YouTube Original Channels: Vlogbrother Shares Lessons Learned

YouTube Original Channels: Vlogbrother Shares Lessons Learned

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Much was made last year about YouTube reaching down deep to fund the Original Channels Initiative last year.  Was it a success?  Well, a little less than half of those channels were selected for additional funding, and the way YouTube went about this funding: granting creators a few million, and only being able to profit after getting YouTube that money back, most of the channels have had a very hard time paying off that initial investment.  Hank Green of the Vlogbrothers has written an excellent piece that shares the lessons he’s learned on the Initiative, and I thought I’d break it down.  Hat tip, Nalts.

Lessons Hank Green Learned About the YouTube Original Channels Initiative

Hank lays out three major lessons he learned, but he makes some great points before he gets to that.  The first one concerns well-funded TV-like channels, which got up to $5 million to launch:

What we all found out is that, no matter how hard you push them and how much money you spend on them, YouTube doesn’t work like TV…and funding it that way is daft.

What Green is getting at here is that YouTube is a content-driven medium.  It really doesn’t matter if your show looks awesome and is pushed like the next greatest thing on TV.  Online video requires good content to draw an audience and keep an audience.

Green estimates that the only original channel that made its advance back is SourceFed.  It’s easy to see why: SourceFed comes out with 4-5 episodes a day (all of which hit the 100k view mark), is cheaply produced, and comes from the highly popular Philip DeFranco, who pushed his channel and made it fun for everyone who already enjoyed his brand:

Hank and John Green both got to produce SciShow and CrashCourse based on the money handed out from YouTube.  But he estimates they will only pay their advance back in three years.  But most won’t come close.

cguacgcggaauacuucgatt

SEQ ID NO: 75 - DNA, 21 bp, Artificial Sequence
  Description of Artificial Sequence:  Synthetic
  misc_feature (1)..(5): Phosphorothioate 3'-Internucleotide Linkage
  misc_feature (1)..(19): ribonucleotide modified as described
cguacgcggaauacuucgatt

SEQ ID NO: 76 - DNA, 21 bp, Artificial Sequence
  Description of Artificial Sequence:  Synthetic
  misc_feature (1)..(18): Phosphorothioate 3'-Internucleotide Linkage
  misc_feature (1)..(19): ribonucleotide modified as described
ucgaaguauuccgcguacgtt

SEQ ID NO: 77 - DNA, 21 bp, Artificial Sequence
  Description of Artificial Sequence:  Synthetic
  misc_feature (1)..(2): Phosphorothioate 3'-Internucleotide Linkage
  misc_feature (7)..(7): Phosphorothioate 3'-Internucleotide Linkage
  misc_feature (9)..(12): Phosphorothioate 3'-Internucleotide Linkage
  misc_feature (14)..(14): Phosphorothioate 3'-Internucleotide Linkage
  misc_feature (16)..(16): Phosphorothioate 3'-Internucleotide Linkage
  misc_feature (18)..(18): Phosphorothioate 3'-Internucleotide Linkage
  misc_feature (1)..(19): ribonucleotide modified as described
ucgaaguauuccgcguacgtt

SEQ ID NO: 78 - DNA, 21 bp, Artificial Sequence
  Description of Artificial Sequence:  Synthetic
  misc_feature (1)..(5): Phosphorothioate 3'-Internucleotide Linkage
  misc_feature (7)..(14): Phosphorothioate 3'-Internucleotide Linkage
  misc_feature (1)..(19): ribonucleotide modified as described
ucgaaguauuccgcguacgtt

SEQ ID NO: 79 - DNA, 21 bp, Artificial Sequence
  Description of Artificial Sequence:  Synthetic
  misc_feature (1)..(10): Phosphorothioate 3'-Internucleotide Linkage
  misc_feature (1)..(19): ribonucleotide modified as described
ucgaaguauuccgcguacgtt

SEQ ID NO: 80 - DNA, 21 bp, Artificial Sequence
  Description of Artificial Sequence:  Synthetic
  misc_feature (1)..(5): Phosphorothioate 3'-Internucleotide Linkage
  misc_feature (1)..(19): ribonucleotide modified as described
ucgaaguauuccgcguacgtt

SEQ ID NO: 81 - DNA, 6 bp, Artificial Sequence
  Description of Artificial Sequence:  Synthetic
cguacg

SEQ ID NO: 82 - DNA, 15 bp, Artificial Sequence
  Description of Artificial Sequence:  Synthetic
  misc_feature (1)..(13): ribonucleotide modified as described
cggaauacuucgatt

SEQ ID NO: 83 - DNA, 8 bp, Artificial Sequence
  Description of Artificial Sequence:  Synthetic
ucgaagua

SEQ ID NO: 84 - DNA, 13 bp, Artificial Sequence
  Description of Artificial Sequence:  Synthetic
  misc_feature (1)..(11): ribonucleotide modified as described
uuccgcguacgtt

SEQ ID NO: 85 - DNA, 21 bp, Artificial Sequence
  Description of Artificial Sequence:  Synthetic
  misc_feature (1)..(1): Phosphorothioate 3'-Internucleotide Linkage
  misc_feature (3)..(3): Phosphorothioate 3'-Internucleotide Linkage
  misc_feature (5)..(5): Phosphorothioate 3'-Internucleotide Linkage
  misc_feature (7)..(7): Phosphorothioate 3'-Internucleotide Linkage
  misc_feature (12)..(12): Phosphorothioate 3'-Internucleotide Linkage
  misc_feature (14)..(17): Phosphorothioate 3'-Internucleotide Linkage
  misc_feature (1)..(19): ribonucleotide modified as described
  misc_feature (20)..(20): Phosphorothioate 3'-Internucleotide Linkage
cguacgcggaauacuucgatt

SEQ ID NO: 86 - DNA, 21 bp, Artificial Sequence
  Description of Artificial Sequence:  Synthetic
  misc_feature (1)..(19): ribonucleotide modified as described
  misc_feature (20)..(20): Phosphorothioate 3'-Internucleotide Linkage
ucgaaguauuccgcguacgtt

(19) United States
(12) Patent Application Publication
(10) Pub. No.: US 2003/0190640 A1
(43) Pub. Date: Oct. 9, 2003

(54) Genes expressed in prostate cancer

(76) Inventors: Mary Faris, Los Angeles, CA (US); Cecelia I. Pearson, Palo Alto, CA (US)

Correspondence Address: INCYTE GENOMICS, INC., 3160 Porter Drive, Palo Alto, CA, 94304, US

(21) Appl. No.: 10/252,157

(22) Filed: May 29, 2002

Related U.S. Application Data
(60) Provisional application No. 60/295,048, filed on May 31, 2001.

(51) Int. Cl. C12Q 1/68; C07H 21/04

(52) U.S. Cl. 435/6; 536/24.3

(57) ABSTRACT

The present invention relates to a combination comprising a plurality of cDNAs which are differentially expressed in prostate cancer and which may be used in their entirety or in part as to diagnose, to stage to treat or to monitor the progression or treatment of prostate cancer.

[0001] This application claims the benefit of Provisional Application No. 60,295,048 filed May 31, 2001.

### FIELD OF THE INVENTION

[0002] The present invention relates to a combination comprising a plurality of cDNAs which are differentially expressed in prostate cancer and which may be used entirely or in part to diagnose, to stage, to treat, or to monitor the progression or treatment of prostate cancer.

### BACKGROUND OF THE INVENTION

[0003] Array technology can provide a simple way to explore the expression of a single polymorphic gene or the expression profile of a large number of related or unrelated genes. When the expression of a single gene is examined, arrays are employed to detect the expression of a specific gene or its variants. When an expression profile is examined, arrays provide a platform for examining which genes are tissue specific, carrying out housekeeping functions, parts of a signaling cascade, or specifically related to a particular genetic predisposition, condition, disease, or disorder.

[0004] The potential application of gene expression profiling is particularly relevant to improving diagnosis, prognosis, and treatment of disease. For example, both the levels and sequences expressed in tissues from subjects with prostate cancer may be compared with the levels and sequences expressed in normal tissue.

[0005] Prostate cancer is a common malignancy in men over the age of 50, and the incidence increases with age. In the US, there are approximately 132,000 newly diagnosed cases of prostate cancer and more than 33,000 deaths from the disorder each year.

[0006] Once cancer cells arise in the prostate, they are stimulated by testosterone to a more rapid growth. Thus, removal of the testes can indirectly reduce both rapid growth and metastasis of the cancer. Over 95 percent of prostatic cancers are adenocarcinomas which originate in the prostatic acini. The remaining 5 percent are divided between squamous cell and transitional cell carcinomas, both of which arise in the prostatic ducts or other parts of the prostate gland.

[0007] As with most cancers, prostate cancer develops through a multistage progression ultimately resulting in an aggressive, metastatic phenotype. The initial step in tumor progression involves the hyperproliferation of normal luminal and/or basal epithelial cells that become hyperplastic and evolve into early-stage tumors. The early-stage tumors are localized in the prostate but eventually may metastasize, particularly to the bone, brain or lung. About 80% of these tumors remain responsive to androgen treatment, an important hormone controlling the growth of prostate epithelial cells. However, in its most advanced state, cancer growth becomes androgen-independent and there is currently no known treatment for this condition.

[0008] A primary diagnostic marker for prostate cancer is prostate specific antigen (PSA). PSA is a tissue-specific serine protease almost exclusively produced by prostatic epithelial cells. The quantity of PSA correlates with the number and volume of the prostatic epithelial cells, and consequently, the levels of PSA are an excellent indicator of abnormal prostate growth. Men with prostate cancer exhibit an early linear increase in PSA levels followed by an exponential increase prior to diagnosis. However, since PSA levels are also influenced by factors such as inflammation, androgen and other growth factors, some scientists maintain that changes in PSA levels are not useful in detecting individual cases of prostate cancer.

Here’s SciShow:

Anyway, here’s the three lessons Green says should be learned, spun in my own way here:

1. Quality content, not necessarily quality production values.

I feel like this gets said in some form every month on this site.  YouTube should really look at SourceFed as a model.  It looks good enough.  But mainly it’s engaging hosts talking in front of a white background.  It’s them putting a funny spin on the news.  It’s quick, it’s entertaining.  Better yet, they can produce tons of content per day.  Subscribers to SourceFed not only see 4-5 news stories a day, but stuff like “Table Talk” which is exactly what it sounds like.  And they do tons of movie reviews where they get other users to submit their take on the movie in question.

But not everybody can create content more than once or twice a week.  Their content needs to be prepared over time.  And they need to make sure that content is good, because a week is a long time to wait for redemption if it isn’t.

2. People who make online video are better at making it than people who do TV for a living.

It seems like there would be a natural transition for professional TV producers to be able to make “bite-sized” content, but it really is a different kind of game when it comes to online video.  There’s a certain language to online video: it’s quick and to the point and it needs to stay that way for the most part.  And while lots of money was given to star producers, it’s the people who understand how to create and market online video that ended up succeeding.

3. Content created for viewers trumps content created for advertisers.

I like what Green says here:

When advertising agencies tell you they want something (higher quality content, long-form content, specific demographics, lean-back content, stuff that looks like tv) it’s not our job to attempt to deliver those things.

Green says that content is made for viewers, not for advertisers.  If content is made for advertisers then it starts becoming something else: you may know what your audience is and what they like, but if an advertiser has a different idea so that they can uphold brand image or something, then you’ll be tailoring content not for your viewers (a wide spectrum), but to those who are footing the bill (a narrower spectrum).  They might have the money but it’s your viewers who decide whether you’re going to be successful.

Green sees that YouTube has learned at least the first two lessons, citing YouTube’s new philosophy to give more online video producers smaller grants.  As to the advertisers, he hopes that they figure out how to work with the medium rather than changing it to meet its needs.

Very good stuff from Green here.  Click here to see the whole thing.


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